Thanks for finding and presenting this information. I have always wondered if there was info for this particular mission. I'm a big fan of the Band of Brothers HBO special where they show this mission. I've always wanted to know more about it.

thanks.
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Last edited by richman; 03-09-2009 at 07:19 PM..
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Old 03-10-2009, 06:00 AM
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Nice post, Z.

Was a really good read, thanks for the info!
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Old 03-10-2009, 06:31 AM
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From a historian's viewpoint;


"I went to Brecourt Manor, where Winters took a squad and knocked out the 105mm battery, a la Band of Brothers. The guns were not placed in prepared trenches, with reinforced sides, but were instead set up along one 200 meter long hedgerow, and settled into a drainage ditch.

The lack of prepared defensive positions meant that the position was invisible from the air, and intelligence was not aware of the battery before D-Day. Striking to me was that the assault reportedly took 2 hours...just to move down one hedgerow 200 meters long, albeit under MG fire from the next hedgerow, 150-200 meters to the rear.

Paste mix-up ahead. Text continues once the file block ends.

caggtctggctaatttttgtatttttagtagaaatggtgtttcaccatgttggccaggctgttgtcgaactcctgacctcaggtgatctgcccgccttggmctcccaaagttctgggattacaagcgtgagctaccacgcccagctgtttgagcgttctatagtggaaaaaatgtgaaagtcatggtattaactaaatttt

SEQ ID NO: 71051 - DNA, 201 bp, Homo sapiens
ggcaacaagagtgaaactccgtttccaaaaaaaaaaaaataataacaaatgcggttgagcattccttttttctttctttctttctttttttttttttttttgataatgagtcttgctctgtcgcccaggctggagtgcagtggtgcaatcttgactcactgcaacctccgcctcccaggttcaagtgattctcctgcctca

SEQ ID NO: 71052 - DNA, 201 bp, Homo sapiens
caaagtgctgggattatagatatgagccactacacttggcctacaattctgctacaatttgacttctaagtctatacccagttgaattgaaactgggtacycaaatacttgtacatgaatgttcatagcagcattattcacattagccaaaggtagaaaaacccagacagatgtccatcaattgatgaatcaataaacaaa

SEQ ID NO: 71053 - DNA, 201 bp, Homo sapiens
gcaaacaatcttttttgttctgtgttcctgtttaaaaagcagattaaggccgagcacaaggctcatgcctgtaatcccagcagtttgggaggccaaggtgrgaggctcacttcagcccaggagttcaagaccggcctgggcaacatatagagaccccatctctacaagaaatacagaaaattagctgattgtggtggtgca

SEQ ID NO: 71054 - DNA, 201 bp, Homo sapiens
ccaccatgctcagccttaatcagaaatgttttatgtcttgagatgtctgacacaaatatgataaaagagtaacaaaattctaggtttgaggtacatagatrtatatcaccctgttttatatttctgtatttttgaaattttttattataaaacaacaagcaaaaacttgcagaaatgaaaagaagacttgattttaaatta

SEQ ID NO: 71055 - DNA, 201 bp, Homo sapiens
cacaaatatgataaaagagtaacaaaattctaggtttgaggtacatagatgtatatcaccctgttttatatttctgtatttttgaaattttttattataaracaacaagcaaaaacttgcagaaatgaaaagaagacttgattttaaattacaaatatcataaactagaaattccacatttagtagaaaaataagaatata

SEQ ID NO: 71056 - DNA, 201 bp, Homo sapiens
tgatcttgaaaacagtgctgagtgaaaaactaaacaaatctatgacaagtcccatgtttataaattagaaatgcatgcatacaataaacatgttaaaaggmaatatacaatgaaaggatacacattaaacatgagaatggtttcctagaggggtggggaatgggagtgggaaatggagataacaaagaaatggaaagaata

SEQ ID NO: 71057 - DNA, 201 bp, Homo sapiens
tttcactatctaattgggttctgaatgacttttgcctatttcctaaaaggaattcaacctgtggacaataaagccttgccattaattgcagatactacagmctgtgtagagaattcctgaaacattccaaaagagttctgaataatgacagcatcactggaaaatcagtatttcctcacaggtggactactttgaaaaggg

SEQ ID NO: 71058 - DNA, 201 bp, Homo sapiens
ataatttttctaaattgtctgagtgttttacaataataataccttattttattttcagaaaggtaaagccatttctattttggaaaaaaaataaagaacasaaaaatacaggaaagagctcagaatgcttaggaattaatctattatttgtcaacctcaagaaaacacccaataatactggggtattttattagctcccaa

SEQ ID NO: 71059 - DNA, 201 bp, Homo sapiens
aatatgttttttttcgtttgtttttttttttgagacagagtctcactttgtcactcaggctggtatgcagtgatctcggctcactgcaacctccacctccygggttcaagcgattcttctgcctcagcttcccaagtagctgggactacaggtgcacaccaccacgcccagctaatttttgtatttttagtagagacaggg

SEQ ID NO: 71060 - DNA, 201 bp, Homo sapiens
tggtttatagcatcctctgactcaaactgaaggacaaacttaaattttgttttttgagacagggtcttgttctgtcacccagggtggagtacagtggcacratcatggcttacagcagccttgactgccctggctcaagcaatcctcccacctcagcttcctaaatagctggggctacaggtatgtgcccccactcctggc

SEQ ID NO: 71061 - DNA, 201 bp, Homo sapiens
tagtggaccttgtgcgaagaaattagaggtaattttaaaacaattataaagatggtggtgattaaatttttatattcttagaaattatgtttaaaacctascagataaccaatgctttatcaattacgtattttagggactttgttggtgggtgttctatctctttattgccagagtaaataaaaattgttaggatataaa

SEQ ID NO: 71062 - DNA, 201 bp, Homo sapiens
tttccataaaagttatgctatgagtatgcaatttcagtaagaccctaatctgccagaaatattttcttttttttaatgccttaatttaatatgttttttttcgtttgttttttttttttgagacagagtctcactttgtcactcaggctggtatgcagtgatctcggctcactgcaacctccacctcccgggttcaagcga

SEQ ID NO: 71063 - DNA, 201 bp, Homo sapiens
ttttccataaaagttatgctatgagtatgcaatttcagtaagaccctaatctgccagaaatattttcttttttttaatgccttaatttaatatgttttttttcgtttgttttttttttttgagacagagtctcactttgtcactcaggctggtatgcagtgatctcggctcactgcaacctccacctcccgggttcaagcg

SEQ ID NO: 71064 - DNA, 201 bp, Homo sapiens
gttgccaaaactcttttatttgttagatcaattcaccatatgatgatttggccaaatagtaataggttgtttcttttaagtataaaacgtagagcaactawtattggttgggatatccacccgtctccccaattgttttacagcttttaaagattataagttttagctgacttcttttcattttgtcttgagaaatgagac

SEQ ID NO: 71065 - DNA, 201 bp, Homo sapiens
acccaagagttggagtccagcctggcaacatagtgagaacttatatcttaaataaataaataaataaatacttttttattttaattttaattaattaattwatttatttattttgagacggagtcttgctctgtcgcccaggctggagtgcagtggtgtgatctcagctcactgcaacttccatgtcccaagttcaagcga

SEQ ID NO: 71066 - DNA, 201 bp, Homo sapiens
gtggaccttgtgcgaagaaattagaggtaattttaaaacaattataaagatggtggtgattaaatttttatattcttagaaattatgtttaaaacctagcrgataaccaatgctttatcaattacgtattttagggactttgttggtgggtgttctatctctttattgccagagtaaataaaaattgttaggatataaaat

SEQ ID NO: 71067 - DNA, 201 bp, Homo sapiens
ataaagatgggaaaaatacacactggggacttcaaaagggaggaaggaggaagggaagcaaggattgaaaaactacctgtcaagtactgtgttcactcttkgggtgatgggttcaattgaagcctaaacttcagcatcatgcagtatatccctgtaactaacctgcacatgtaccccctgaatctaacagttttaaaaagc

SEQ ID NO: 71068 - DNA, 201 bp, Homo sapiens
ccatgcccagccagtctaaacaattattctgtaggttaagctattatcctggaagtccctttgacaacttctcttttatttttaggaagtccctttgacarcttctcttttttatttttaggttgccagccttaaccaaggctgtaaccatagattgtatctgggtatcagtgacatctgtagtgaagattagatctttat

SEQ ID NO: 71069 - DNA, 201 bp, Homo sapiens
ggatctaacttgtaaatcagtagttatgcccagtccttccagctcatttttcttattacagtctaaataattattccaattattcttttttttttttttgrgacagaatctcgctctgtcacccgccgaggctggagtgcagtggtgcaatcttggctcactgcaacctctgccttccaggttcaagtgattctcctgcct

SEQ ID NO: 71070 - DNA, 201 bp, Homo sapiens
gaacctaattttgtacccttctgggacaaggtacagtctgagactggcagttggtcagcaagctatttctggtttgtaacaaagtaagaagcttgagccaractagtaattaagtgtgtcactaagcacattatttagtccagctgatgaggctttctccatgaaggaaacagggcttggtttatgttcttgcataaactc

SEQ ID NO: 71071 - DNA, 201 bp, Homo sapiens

This revelation, while actually seeing the size of the ground fought over, again has me thinking a lot about the speed of actual WW2 combat, and the pace at which tactics typically played out.

Remember, this action is still studied at West Point as an excellent example of fire and maneuver. Nobody ever told me that this action took 2 hours (they apparently sent back for more ammunition at least once during the engagement), and again has me wondering how well war gamers understand tactics as actually practiced.

At the very least, the Band of Brothers episode is very deceiving."


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Battle at Brecourt